Headache After Walking
Q: I get a headache after I walk. What could be causing it?
A: Typically headaches that come on during or after exercise are the result of low blood sugar. If you do not normally suffer from migraines, then hyperventilation or exercise-induced asthma, stress, or muscle strain can also cause headaches.
One way to identify the cause behind chronic headaches is with VO2 testing. This is a test that monitors a patient’s oxygen and carbon dioxide exchange and heart rate during vigorous exercise. It is a precise test that generates results specific to the individual, not a generalized diagnosis based on age or other factors.
VO2 testing is useful in determining the heart rate at which an athlete switches from breaking down fat for energy to breaking down glycogen. In order to break down fat, oxygen is needed. If the athlete is not taking in enough oxygen to break down fat, they break down glycogen instead. Glycogen is glucose (sugar) stores located in the muscle and liver. If you are walking a long distance, hitting the treadmill in the gym, or lifting weights, glucose, unlike fat stores, does not maintain energy levels efficiently. If an athlete were to rely on glucose solely for energy he or she would burn out before the activity is over — something which could potentially result in injury and prolong recovery. This point of no return is called anaerobic threshold (AT).
VO2 testing is helpful for three reasons:
1 If a patient is trying to lose weight, then VO2 testing finds the target heart rate zone that utilizes pure fat for energy.
2 To amp performance, VO2 testing reveals at what heart rate a patient can burn fat for energy. Burning fat is a better source of energy. It doesn’t exhaust the patient, and he or she will be able to walk long distances without fatigue. The testing also reveals the heart rate at which they can push into their glucose-burning zone for the last few miles of an endurance event.
3 Knowing one’s anaerobic threshold helps the patient do interval training. Improving AT allows patients to walk faster, which in turn burns more fat and calories and improves performance.
Q: My heart sometimes feels like it is racing — is this a heart palpitation, and is it dangerous?
A: For the most part, heart palpitations, or an awareness of the heart beat, are a normal phenomenon. However, the feeling of your heart “missing a beat” may reflect a change in cardiac output. Many non-cardiac conditions such as exercise, anemia, anxiety, and thyroid disorders can cause an increase in ventricular output which gives the feeling of an abnormal or missing heartbeat. On the other hand more serious heart conditions, like an incompetent heart valve causing regurgitation, may lead to the ventricle having premature beats which we sense as an extra or a skipped beat.
Bradycardia, an abnormally slow heartbeat, and tachycardia, an abnormally fast heartbeat, are cardiac arrhythmias that generally are asymptomatic. When they are noticed, they feel like a slow skipping beat or a fluttering feeling. If these symptoms are associated with a decrease in arterial pressure and cardiac output, especially in an upright position or standing position, other symptoms like dizziness, blurring of vision, and loss of consciousness may occur.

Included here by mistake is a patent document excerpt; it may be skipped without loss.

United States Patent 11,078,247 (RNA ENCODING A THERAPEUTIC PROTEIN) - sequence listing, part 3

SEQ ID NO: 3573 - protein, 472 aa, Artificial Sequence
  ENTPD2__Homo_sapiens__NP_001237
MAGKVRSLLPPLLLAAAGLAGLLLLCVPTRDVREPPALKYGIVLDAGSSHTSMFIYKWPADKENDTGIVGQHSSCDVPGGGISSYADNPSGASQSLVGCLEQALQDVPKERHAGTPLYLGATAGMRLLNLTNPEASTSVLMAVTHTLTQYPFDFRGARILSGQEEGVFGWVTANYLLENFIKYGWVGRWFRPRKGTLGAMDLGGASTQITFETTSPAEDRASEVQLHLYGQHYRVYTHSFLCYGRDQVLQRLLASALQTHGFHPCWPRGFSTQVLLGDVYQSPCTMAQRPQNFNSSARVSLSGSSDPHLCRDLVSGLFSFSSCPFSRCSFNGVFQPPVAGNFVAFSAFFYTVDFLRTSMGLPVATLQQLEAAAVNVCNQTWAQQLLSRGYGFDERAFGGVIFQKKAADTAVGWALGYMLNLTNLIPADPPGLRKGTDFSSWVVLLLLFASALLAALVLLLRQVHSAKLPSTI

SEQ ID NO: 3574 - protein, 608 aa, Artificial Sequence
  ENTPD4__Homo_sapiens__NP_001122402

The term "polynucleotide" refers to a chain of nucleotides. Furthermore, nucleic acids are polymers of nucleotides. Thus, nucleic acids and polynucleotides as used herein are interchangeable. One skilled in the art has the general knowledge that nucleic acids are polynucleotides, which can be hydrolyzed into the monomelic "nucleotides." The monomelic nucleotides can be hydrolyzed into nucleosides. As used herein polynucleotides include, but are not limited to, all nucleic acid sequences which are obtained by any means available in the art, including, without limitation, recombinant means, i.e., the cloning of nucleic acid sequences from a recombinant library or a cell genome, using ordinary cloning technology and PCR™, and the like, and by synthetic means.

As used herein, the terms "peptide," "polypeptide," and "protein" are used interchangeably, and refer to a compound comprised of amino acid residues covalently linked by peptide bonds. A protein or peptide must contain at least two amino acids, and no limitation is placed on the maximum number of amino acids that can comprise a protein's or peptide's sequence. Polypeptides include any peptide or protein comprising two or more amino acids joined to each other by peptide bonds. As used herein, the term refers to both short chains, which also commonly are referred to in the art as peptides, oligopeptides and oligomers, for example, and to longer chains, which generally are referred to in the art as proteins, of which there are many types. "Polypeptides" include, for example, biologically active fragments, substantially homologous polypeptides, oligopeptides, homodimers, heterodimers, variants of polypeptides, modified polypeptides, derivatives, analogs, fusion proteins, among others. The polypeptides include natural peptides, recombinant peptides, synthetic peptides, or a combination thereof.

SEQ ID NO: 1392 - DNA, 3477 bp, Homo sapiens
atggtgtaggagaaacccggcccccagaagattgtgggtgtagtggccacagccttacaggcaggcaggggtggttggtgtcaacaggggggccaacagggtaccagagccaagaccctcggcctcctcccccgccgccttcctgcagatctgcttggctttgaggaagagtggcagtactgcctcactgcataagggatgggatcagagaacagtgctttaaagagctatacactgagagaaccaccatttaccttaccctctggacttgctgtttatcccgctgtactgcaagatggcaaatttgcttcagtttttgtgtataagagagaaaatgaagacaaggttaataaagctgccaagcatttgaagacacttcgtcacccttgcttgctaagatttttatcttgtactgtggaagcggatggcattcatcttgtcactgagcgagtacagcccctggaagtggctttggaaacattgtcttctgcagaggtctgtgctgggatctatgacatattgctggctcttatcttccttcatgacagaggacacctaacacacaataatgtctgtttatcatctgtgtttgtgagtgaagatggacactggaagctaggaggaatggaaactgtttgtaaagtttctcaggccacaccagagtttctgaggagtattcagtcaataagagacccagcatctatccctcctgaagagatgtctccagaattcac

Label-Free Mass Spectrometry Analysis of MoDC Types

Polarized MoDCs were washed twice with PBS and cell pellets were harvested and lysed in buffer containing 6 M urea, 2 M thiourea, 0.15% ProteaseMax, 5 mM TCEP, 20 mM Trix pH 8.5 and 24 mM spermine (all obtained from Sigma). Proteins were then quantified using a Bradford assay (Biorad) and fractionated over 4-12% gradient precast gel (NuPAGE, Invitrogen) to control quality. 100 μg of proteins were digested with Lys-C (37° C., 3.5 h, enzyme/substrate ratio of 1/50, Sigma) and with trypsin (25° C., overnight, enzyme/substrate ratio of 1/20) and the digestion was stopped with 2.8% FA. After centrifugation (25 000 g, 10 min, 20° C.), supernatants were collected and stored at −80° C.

If there is an occasional palpitation during a vigorous walk it is most likely nothing to worry about. Palpitations that start to occur more frequently with exertion or are associated with other symptoms like dizziness, blurring of vision, or a temporary loss of consciousness called syncope may be a clue that something more serious is occurring. You should check with your primary care physician or a cardiologist when any of the more serious symptoms are present, or if the frequency of palpitations increases.
— Jacob May
A2: First of all, anytime you have a new symptom associated with your heart or cardiovascular system, you should consult your doctor. Palpitations are defined as a sensation or awareness of the heartbeat. This could be feeling like the heart is racing, or that it is skipping beats. It is more common with increased body awareness during anxiety or with increased heart output during exercise. Women may also notice palpitations with hormone changes at menopause. If light-headedness or fainting occurs with the palpitations, seek medical attention, as this could indicate a serious problem.
Palpitations caused by anxiety can be calmed with herbs such as chamomile, passionflower, or lemon balm. Hawthorne is a wonderful heart tonic herb. Palpitations associated with menopause can be supported with Motherwort, black cohosh, or wild yam. The bottom line is this: While most of the time palpitations are harmless, it is important to find out the underlying cause.
— Arianna Staruch
This Issue’s Experts
Lindsey Nelson, ND, is a naturopathic primary care physician and can be reached at 503-279-0205 or firstname.lastname@example.org.
Jacob May, DC, brings careful thought and analytical thinking blended with a holistic approach to medicine and can be reached at 503-279-0205 or email@example.com.
Arianna Staruch, ND, is a naturopathic physician focused on women’s health issues and can be reached at 503-279-0205 or firstname.lastname@example.org.